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Map - Carthagian Empire291 views
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Map - Hannibal's route of invasion.362 viewsThe Second Punic War, 218 - 201 B.C., is most remembered for Hannibal's crossing of the Alps, followed by his crushing victories over Rome in the battle of the Trebia, at Trasimene, and again at Cannae. After these defeats, many Roman allies joined Carthage, prolonging the war in Italy for over a decade. Against Hannibal's skill on the battlefield, the Romans deployed the Fabian strategy. More capable in siegecraft, the Romans recaptured all the major cities that had defected. The Romans defeated an attempt to reinforce Hannibal at the battle of the Metaurus and Publius Cornelius Scipio Africanus Major took New Carthage and ended Carthaginian rule over Iberia in the Battle of Ilipa. The final showdown was the Battle of Zama in Africa where Scipio Africanus defeated Hannibal, resulting in the imposition of harsh peace conditions on Carthage, which ceased to be a major power and became a Roman client-state.
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Map - Plan of carthage218 views
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Map - Rome and Carthage at the start of the Second Punic War 218 BC244 viewsThe Second Punic War, 218 - 201 B.C., is most remembered for Hannibal's crossing of the Alps, followed by his crushing victories over Rome in the battle of the Trebia, at Trasimene, and again at Cannae. After these defeats, many Roman allies joined Carthage, prolonging the war in Italy for over a decade. Against Hannibal's skill on the battlefield, the Romans deployed the Fabian strategy. More capable in siegecraft, the Romans recaptured all the major cities that had defected. The Romans defeated an attempt to reinforce Hannibal at the battle of the Metaurus and, in Iberia, Publius Cornelius Scipio Africanus Major took New Carthage and ended Carthaginian rule over Iberia in the Battle of Ilipa. The final showdown was the Battle of Zama in Africa where Scipio Africanus defeated Hannibal, resulting in the imposition of harsh peace conditions on Carthage, which ceased to be a major power and became a Roman client-state.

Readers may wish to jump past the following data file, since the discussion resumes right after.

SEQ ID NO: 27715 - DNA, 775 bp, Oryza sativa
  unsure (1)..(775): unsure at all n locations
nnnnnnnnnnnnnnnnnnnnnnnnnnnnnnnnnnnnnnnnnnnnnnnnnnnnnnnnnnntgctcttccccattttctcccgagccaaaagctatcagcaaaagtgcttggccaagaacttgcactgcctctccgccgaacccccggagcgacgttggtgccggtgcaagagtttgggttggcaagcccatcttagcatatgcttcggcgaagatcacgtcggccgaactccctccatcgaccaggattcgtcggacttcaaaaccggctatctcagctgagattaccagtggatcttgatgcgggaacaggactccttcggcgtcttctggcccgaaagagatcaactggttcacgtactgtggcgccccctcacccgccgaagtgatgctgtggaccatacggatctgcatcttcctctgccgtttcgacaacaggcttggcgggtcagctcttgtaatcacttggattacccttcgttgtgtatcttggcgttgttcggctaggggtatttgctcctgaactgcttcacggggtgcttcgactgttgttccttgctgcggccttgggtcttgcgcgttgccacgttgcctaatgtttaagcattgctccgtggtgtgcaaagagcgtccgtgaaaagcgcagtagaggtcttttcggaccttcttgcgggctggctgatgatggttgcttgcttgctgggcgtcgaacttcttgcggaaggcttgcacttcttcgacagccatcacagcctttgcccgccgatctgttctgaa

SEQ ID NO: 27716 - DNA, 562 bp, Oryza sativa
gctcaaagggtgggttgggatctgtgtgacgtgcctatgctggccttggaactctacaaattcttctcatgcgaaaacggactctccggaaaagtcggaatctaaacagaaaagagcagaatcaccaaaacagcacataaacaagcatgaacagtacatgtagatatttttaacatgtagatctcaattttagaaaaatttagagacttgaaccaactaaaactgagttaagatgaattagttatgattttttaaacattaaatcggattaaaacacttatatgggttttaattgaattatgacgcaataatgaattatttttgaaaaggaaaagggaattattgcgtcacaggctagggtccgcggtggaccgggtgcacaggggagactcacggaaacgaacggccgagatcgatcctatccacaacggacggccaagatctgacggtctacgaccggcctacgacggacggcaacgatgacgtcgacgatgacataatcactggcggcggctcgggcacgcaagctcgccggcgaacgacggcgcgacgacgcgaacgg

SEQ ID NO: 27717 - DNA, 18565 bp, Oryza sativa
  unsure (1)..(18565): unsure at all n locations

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Map - Rome and Carthage198 views